LinkedIn provides access to an ocean of prospects and some valuable insight into what makes them tick — but connecting with them is a struggle in itself. Prospecting on the network is every bit as tricky as it is potentially productive, and if you want to do it effectively, you need to master the art of the LinkedIn sales message.
To help you get there, we've put together a blueprint of a LinkedIn prospecting message that can consistently deliver results and tacked on some other effective LinkedIn message templates to boot.
Effective LinkedIn Messages
Whether you're sending an InMail or a good old-fashioned message, look to the following template as a guide.
Let's dig into the nine components.
1. Their first name
Start with some degree of familiarity and specificity — greet your prospect by their first name so they know this message is intended specifically for them. "To whom it may concern" won't cut it when sending LinkedIn prospecting messages.
2. Your name and company
Make things easier for your prospect — don't make them click on your profile to figure out who's messaging them. That draws attention from what you're trying to say. Introduce yourself right upfront, so they can concentrate on what you've written instead of thinking, "Who is this, anyway?"
Prospecting messages are awkward by nature — and coming off as totally unfamiliar can kick that awkwardness up a notch. You want to make your message a bit warmer by establishing some kind of commonality.
Data has shown that buyers and consumers react much differently to LinkedIn messages from salespeople with whom they share connections than salespeople with whom they don't.
If you have something in common with the buyer — such as a group or acquaintance — state this shared connection early on. It'll boost your credibility in their eyes and encourage them to drop their guard.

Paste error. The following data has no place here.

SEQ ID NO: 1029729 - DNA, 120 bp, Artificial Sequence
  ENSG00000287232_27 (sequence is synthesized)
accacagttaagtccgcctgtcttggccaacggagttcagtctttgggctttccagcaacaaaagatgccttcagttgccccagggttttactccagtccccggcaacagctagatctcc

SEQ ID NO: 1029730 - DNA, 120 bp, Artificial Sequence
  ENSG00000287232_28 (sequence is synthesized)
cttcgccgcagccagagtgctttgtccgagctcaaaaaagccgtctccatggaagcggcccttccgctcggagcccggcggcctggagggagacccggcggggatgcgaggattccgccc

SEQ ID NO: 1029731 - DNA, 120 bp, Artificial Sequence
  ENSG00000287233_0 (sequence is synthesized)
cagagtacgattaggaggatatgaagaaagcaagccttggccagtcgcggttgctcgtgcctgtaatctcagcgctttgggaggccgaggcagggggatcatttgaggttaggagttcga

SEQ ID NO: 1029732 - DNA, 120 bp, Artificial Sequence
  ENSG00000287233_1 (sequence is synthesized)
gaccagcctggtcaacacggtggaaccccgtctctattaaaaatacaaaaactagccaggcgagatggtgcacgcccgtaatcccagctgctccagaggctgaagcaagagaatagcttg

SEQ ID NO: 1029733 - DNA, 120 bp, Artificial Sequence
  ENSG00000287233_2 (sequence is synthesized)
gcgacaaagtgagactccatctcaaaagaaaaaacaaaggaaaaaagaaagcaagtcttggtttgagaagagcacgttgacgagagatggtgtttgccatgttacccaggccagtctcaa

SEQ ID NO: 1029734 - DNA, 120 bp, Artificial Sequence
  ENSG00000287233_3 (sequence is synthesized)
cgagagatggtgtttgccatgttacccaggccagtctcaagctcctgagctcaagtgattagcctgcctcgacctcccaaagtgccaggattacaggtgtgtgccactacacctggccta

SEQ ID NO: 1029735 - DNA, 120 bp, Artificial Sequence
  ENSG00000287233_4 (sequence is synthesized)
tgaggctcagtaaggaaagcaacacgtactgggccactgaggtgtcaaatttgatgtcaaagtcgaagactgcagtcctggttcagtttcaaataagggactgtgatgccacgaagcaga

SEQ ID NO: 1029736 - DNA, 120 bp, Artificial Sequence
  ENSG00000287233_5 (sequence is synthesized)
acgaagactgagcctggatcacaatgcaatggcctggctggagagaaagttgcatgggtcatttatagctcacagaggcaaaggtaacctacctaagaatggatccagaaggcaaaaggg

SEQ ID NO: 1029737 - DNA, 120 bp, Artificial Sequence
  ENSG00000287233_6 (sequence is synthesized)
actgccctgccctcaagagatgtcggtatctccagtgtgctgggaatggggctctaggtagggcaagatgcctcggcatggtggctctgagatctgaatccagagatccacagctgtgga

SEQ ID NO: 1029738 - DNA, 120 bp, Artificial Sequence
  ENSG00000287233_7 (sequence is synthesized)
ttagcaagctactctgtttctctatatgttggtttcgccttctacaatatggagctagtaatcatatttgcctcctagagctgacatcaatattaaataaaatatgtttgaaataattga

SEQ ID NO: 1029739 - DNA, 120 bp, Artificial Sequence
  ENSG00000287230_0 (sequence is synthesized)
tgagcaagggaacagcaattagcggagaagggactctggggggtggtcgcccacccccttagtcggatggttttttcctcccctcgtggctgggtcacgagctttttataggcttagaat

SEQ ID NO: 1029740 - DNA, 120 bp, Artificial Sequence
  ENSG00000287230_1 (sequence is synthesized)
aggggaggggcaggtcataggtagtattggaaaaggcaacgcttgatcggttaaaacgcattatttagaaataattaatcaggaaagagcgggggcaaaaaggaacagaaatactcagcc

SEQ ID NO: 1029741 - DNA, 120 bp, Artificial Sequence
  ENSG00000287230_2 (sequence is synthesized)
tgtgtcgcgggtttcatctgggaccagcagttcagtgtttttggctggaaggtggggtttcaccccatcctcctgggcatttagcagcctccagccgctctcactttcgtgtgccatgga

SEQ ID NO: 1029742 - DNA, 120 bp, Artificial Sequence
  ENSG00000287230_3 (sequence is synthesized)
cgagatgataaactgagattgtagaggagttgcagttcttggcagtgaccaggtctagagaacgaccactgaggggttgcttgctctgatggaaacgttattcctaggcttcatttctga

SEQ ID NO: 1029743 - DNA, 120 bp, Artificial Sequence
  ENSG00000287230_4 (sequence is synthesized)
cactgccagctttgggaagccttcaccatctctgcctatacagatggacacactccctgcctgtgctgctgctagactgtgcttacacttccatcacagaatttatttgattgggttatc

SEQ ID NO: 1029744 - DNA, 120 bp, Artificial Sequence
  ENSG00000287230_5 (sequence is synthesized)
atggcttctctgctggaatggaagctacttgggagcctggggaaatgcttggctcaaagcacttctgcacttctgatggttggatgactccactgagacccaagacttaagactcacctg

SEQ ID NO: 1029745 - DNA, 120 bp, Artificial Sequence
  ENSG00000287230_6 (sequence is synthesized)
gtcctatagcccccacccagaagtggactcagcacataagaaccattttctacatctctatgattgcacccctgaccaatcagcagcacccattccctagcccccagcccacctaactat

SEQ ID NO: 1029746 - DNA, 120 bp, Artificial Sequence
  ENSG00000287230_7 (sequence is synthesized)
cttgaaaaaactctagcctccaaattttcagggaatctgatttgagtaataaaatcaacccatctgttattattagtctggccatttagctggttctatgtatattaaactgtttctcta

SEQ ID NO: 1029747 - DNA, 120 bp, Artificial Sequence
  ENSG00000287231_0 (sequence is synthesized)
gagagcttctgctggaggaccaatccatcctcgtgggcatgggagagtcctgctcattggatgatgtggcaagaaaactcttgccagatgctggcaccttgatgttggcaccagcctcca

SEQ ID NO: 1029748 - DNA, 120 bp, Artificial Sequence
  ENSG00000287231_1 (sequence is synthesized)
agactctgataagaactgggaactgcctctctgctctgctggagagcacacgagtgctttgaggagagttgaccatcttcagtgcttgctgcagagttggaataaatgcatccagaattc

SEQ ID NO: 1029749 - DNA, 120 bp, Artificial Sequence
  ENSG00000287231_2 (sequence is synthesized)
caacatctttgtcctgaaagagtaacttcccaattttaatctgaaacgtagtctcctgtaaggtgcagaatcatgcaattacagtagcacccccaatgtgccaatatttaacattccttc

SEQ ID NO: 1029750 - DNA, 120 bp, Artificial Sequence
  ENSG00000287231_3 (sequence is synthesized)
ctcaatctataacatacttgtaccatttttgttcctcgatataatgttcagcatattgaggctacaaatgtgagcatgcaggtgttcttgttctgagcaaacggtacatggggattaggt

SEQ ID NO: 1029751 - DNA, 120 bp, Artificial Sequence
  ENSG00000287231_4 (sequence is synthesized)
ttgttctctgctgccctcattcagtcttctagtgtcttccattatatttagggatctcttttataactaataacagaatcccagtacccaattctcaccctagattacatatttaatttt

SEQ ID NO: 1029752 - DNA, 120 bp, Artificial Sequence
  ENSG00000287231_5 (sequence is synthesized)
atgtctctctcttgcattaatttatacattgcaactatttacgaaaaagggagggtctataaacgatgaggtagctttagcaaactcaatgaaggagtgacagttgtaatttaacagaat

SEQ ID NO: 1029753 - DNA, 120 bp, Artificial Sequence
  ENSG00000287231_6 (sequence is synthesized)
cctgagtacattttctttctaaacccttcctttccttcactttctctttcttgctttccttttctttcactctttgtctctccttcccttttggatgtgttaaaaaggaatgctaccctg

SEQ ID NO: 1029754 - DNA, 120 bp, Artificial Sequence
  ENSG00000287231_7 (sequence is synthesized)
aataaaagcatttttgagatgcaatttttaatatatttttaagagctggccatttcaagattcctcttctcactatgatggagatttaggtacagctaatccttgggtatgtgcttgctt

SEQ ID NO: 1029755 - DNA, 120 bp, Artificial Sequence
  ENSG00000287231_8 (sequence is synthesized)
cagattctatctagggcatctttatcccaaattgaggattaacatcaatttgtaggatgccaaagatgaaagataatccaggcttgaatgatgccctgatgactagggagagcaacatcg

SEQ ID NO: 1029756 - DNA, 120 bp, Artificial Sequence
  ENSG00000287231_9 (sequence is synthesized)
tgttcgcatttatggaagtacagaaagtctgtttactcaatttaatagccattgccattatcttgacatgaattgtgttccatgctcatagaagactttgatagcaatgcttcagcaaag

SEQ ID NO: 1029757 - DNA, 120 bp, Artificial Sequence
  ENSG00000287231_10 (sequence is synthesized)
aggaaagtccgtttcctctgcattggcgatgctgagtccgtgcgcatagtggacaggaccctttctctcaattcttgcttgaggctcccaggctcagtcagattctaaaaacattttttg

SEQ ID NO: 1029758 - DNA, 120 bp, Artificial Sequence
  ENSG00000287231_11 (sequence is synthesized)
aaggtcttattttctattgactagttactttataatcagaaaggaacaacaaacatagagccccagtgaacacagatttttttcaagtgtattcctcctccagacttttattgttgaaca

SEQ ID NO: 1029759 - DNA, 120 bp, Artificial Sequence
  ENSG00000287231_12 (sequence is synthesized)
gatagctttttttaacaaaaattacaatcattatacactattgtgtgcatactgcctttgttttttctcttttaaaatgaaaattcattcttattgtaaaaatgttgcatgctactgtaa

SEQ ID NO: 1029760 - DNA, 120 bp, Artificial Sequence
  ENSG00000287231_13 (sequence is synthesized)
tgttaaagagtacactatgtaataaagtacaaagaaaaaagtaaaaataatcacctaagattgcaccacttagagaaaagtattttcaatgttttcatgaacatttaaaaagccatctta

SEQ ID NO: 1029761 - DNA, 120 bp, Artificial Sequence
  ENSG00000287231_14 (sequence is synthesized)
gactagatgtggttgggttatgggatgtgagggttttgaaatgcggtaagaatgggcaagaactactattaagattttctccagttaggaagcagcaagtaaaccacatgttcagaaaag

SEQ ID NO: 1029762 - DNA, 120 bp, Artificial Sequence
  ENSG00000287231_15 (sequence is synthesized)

Every LinkedIn prospecting message should have some sort of focal point — something that prompted you to send the message. That typically comes from the prospect, themselves.
Always remember, sales messages, emails, and voicemails should be buyer-centric, not about you — so you need to show them that you value their insight and activity.
Do your research, and show that you have by mentioning their activities and content like social media group contributions, blog posts, or whitepapers.
5. Resource offer
In many cases, you're going to want to contribute something in exchange for the observation you just made. Offer something productive, meaningful, and relevant that can help them do what they do better.
That might include resources like a content asset, an introduction to an expert, or a recommendation for further reading about the subject you're discussing. This demonstrates your ability to help and add value from the get-go.
Don't underestimate the power of a thoughtful question to get the conversation flowing. Some questions HubSpot Director of Sales Michael Pici recommends include:
- "Is [topic] a priority for you right now?"
- "Do you have any unanswered questions about [topic]?"
- "How, if at all, would you like to improve your strategy?"
Every conversation needs a starting point — a thoughtful question is a borderline-surefire way to set things in motion.
Again, everything about your messages should be buyer-centric, and demonstrating sincere interest is central to making that happen. Let them know you care about their situation here — the word "curious" never hurts.
Every sales interaction needs to have an endgame. You're not starting a conversation with a prospect just to chat a bit and go your separate ways. You need to explicitly define next steps.
What do you hope to get out of this message? A call? An email exchange? A referral? Whatever it is, make sure to ask for it in clear terms. If you've piqued the prospect's interest effectively, you won't have any trouble getting them to follow through.